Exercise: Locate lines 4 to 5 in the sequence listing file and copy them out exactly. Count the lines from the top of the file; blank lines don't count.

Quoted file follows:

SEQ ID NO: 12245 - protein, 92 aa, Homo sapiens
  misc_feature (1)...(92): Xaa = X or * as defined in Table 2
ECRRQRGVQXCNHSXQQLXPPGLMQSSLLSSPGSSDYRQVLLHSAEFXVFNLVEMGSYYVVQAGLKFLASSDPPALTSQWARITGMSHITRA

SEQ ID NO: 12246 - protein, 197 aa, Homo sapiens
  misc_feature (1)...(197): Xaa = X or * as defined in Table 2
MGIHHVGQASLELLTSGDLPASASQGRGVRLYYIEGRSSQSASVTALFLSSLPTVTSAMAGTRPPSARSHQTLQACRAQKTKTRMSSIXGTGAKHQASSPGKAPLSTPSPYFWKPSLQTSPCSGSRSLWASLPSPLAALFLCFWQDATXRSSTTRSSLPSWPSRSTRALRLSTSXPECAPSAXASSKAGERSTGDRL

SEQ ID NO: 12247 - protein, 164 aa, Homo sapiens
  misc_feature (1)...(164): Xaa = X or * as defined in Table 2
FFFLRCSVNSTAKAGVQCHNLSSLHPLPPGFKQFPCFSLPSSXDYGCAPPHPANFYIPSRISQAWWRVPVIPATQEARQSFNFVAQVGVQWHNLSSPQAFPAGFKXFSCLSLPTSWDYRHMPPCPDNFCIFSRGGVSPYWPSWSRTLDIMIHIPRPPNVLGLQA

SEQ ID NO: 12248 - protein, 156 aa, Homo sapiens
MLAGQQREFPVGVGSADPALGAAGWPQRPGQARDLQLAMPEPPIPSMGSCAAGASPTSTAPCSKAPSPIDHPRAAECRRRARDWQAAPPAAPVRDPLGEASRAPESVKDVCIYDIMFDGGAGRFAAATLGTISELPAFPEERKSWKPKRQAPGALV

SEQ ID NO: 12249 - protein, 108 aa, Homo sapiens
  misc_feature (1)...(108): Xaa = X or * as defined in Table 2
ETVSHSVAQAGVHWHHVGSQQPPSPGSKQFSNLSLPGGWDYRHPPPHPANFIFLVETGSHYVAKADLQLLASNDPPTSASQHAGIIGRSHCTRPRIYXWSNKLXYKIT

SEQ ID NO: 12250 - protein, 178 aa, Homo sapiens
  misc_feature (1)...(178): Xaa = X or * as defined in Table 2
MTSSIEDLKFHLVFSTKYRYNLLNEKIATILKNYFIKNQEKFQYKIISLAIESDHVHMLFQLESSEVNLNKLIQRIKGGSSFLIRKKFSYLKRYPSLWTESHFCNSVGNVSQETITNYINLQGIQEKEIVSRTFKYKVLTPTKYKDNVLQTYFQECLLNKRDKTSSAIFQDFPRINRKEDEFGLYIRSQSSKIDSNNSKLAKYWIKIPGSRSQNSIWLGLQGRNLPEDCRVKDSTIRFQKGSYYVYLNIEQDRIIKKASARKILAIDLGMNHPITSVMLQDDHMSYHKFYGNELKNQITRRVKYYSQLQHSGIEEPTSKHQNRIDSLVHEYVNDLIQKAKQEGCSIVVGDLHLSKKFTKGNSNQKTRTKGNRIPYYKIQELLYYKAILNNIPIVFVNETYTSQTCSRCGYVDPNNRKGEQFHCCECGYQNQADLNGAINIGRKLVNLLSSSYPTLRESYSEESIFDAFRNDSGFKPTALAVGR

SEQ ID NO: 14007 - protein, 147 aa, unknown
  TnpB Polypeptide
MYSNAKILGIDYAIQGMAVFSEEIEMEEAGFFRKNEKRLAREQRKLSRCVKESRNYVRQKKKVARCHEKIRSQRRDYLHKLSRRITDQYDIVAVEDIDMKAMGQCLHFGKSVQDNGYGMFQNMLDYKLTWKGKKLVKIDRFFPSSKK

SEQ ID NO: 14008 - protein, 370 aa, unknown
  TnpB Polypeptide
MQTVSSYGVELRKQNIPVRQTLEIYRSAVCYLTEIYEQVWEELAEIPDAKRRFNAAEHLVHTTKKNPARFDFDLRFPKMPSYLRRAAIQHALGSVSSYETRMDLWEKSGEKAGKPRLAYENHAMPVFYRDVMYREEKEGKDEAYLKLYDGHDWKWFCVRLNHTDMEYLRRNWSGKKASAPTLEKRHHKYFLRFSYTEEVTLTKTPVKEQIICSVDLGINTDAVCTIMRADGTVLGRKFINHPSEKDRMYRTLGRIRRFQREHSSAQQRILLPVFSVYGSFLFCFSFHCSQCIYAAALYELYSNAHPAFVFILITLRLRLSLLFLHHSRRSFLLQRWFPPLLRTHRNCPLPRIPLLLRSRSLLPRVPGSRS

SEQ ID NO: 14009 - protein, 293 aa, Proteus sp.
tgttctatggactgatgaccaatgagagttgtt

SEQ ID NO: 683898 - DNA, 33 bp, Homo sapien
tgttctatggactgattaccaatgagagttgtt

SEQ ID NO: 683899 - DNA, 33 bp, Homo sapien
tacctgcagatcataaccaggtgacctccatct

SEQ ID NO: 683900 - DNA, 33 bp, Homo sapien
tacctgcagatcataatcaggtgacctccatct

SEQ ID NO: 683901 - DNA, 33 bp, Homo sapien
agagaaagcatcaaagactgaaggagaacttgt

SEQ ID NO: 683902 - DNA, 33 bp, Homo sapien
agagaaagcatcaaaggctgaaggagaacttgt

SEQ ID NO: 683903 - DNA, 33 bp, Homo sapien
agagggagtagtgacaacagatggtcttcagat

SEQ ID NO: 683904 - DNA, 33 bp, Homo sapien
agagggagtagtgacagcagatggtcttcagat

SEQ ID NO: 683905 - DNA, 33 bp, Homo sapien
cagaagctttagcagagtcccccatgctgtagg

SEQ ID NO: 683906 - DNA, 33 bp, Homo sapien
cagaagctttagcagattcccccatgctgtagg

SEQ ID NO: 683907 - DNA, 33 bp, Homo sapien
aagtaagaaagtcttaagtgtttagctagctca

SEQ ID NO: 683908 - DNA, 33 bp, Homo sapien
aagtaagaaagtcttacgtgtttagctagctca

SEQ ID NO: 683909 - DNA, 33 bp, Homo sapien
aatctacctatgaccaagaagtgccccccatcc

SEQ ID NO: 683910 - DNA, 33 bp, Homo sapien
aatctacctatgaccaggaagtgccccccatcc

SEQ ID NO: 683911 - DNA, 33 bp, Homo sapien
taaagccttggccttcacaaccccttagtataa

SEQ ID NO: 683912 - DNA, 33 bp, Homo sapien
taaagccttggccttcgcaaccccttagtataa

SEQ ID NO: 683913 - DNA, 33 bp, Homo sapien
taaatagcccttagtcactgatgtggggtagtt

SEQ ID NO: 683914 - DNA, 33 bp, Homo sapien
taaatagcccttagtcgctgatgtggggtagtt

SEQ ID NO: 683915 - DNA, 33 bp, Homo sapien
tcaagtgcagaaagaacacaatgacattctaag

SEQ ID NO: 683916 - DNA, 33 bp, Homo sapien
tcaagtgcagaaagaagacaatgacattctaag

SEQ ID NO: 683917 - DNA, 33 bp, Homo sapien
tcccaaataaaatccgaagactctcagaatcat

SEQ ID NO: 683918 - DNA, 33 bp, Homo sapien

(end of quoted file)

SEQ ID NO: 12246 - protein, 197 aa, Homo sapiens
  misc_feature (1)...(197): Xaa = X or * as defined in Table 2